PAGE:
Gilbert & Sullivan Trial by Jury Vocal ScoreTrial by Jury is a comic opera in one act, with music by Arthur Sullivan and libretto by W. S. Gilbert. It was first produced on 25 March 1875, at London's Royalty Theatre, where it initially ran for 131 performances and was considered a hit, receiving critical praise and outrunning its popular companion piece, Jacques Offenbach's La Périchole. The story concerns a "breach of promise of marriage" lawsuit in which the judge and legal system are the objects of lighthearted satire. Gilbert based the libretto of Trial by Jury on an operetta parody that he had written in 1868. If you wish to buy Gilbert & Sullivan's Trial by Jury, please click Vocal Scores and then FILTER BY COMPOSER, or see below for more.
The opera premiered more than three years after Gilbert and Sullivan's only previous collaboration, Thespis, an 1871–72 Christmas season entertainment. In the intervening years, both the author and composer were busy with separate projects. Beginning in 1873, Gilbert tried several times to get the opera produced before the impresario Richard D'Oyly Carte suggested that he collaborate on it with Sullivan. Sullivan was pleased with the piece and promptly wrote the music.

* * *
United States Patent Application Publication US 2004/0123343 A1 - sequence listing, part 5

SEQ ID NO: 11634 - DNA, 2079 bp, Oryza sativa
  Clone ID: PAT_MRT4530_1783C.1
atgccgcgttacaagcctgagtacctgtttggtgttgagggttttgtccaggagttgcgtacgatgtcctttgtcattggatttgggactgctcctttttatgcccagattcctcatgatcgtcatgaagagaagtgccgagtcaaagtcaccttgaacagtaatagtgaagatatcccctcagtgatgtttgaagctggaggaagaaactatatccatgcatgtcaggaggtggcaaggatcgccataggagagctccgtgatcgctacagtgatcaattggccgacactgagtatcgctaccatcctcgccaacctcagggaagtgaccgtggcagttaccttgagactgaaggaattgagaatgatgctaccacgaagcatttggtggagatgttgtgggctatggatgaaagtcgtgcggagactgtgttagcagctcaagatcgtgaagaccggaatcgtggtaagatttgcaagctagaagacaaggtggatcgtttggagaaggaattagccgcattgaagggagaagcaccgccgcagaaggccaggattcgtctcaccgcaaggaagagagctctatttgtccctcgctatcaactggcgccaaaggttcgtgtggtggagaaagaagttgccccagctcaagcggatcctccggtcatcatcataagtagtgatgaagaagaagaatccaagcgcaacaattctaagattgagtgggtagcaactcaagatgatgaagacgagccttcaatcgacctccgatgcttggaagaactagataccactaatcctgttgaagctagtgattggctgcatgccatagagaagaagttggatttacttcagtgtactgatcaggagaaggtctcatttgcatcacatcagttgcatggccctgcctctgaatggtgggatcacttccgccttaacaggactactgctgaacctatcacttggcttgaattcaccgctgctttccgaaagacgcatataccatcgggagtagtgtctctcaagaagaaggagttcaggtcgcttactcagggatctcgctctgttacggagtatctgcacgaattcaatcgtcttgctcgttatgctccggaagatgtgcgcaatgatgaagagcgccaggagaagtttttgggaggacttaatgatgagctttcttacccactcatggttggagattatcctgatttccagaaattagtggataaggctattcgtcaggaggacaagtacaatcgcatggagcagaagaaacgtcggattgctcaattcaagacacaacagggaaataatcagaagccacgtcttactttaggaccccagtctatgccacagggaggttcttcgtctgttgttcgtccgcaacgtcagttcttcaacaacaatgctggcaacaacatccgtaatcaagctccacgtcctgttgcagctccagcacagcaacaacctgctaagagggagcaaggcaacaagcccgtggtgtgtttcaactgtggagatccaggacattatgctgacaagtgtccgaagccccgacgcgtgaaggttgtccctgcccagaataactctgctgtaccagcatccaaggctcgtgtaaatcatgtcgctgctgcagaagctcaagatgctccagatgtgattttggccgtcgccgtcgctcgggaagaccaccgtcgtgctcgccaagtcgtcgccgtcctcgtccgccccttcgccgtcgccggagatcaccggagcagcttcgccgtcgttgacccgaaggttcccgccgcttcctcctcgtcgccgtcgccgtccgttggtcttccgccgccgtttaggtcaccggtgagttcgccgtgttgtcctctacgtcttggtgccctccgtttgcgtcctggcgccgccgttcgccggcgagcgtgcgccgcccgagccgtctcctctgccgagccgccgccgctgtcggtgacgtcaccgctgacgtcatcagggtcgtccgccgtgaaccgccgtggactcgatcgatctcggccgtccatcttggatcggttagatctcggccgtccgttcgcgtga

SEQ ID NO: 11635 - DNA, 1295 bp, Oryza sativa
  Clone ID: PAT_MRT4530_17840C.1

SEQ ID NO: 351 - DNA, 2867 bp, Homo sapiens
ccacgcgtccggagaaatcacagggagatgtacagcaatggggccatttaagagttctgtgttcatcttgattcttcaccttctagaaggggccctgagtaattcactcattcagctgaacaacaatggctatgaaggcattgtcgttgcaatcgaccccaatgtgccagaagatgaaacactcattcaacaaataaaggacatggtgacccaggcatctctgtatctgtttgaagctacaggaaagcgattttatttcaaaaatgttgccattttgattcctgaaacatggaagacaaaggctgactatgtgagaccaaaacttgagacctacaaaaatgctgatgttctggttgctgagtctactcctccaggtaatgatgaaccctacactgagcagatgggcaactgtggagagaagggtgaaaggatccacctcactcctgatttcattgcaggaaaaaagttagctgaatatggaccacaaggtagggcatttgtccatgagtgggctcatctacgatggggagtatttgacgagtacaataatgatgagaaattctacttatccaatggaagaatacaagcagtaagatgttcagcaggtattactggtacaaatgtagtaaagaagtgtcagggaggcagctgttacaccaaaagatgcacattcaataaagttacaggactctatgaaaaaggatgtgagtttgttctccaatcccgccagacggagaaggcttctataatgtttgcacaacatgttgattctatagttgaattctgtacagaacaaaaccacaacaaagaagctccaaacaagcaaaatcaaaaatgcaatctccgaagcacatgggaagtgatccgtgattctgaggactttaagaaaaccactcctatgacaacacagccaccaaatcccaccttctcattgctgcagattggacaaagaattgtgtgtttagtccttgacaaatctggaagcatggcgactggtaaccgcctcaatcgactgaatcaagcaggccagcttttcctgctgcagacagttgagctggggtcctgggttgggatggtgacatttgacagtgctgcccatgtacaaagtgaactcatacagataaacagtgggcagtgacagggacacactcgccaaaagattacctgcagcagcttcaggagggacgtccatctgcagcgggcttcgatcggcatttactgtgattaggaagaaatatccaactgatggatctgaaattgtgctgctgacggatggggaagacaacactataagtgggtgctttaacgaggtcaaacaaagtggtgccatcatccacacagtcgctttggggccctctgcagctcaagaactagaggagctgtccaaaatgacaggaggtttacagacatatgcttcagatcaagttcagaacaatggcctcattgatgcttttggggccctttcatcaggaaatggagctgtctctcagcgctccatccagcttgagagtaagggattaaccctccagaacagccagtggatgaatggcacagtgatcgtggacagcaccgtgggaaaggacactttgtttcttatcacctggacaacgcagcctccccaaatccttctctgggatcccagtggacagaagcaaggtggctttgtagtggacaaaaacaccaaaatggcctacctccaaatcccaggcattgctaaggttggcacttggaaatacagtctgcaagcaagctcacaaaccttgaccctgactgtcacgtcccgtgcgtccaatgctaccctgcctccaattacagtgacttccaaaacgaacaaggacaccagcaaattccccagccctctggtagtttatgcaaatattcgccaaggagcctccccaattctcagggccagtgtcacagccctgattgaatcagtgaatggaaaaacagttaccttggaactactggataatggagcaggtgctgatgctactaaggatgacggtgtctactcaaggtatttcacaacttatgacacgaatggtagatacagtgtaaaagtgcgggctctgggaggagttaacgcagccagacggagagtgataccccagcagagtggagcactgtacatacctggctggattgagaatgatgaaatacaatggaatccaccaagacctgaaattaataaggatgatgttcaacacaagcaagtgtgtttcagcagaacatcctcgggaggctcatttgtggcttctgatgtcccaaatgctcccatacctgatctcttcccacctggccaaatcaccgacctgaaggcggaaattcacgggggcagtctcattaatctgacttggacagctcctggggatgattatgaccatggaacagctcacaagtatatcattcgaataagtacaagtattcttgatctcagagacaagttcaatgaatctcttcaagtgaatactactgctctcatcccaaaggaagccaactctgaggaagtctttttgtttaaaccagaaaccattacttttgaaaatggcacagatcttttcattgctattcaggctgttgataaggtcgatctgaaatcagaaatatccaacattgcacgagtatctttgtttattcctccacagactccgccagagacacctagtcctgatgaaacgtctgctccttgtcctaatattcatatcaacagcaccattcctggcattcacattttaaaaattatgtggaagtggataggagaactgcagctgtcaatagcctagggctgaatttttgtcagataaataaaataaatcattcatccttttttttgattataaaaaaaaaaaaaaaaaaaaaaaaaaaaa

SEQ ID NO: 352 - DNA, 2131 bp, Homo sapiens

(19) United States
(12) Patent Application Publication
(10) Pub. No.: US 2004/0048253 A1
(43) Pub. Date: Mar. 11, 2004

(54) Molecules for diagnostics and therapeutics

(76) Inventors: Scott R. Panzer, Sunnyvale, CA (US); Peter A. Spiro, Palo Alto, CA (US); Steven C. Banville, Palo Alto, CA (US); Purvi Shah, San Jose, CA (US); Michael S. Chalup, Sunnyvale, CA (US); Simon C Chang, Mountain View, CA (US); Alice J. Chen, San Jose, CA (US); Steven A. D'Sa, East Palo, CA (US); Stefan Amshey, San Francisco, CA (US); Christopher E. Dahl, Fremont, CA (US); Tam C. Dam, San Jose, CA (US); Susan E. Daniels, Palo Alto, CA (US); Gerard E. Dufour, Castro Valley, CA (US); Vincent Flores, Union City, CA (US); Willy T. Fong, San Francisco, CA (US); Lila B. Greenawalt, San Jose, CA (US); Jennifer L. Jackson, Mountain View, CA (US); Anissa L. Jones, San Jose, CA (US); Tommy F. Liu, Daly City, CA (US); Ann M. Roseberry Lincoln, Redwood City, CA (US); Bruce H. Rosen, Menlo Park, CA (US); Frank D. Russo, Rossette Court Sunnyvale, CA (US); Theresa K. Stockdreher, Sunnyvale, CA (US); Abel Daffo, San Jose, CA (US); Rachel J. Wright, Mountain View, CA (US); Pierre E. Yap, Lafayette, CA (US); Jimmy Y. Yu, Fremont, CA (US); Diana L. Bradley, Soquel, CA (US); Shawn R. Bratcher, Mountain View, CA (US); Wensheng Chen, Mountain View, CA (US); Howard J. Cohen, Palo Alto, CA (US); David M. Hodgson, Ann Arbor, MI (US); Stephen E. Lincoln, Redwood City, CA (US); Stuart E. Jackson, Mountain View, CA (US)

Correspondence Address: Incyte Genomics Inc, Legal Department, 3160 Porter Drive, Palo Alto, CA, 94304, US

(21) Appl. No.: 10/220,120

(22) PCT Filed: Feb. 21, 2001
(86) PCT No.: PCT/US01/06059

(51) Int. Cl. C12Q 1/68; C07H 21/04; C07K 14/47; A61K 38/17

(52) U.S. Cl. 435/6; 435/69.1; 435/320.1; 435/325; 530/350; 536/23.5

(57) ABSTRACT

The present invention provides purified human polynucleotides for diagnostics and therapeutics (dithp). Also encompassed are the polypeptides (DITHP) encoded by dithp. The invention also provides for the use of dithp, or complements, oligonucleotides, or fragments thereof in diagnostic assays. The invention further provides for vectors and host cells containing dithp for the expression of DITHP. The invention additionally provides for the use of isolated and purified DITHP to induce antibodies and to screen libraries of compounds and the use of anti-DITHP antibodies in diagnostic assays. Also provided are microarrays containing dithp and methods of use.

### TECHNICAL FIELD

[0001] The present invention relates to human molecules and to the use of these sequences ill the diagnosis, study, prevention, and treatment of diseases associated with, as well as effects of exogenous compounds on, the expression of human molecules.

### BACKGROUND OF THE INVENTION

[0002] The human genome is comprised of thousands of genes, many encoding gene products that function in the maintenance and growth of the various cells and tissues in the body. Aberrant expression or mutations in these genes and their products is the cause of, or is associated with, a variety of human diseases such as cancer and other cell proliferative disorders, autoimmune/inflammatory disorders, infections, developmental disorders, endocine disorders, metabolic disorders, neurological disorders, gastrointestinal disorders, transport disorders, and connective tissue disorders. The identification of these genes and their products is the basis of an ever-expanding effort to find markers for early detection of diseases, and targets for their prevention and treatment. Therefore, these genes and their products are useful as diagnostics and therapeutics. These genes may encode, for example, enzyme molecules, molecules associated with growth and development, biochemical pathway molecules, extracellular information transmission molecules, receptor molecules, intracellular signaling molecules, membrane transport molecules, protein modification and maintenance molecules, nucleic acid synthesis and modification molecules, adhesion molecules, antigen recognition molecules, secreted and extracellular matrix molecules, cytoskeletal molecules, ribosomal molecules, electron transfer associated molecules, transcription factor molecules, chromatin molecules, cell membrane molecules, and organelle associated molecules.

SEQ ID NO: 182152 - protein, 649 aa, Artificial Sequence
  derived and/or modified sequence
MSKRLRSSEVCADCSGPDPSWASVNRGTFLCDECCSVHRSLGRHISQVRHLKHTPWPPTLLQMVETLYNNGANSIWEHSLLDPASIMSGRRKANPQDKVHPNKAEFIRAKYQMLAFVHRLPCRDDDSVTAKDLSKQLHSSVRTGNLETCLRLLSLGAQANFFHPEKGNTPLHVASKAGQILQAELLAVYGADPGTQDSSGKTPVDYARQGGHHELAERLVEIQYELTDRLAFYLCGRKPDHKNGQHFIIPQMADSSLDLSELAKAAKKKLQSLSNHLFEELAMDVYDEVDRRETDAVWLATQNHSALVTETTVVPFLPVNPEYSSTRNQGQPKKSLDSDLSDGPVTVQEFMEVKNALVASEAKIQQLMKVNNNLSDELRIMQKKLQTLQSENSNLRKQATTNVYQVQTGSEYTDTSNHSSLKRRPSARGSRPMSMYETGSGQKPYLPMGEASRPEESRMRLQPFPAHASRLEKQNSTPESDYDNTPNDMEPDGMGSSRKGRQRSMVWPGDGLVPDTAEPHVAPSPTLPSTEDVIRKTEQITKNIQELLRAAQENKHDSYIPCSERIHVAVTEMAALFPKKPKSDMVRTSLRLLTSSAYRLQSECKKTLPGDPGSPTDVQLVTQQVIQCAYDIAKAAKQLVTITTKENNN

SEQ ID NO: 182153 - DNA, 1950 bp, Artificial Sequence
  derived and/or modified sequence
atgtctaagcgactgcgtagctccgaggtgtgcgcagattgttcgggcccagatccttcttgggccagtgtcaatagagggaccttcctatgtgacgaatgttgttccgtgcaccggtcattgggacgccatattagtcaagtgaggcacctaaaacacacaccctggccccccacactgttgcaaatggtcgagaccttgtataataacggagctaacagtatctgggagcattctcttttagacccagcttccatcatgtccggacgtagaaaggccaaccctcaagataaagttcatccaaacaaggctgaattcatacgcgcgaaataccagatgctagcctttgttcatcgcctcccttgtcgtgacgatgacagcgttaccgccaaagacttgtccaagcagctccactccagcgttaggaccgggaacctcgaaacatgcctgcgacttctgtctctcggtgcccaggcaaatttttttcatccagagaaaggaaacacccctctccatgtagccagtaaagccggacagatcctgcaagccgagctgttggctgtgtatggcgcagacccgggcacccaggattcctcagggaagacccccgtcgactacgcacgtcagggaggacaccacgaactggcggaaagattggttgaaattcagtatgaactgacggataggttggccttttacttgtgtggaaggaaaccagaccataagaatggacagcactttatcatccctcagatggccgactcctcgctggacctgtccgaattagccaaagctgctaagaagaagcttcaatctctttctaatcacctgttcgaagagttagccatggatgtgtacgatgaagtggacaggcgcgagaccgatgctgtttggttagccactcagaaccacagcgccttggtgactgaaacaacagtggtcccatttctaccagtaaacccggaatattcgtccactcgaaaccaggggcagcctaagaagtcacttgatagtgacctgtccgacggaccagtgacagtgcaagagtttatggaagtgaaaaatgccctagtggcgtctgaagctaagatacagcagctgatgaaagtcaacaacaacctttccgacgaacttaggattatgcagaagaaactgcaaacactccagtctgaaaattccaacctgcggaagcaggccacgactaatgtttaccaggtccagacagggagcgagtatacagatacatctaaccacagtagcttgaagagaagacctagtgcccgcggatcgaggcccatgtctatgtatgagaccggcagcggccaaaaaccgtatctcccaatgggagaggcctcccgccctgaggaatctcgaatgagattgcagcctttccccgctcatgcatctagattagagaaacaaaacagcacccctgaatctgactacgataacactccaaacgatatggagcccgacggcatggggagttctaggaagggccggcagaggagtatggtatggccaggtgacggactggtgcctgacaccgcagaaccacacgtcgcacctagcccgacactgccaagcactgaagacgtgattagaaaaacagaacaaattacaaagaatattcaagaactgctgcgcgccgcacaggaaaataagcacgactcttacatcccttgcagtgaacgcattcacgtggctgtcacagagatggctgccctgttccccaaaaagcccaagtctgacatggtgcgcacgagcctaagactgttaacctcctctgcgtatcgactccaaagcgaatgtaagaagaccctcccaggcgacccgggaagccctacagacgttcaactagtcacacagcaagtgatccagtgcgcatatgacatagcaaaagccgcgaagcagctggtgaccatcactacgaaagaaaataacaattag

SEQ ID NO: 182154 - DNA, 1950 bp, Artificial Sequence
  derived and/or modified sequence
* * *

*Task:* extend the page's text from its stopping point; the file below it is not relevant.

As with most Gilbert and Sullivan operas, the plot of Trial by Jury is ludicrous, but the characters behave as if the events were perfectly reasonable. This narrative technique blunts some of the pointed barbs aimed at hypocrisy, especially of those in authority, and the sometimes base motives of supposedly respectable people and institutions. These themes became favourites of Gilbert through the rest of his collaborations with Sullivan. Critics and audiences praised how well Sullivan's witty and good-humoured music complemented Gilbert's satire. The success of Trial by Jury launched the famous series of 13 collaborative works between Gilbert and Sullivan that came to be known as the Savoy Operas.
After its original production in 1875, Trial by Jury toured widely in Britain and elsewhere and was frequently revived and recorded. It also became popular as a part of charity benefits. The work continues to be frequently played, especially as a companion piece to other short Gilbert and Sullivan operas or other works. According to theatre scholar Kurt Gänzl, it is "probably the most successful British one-act operetta of all time".
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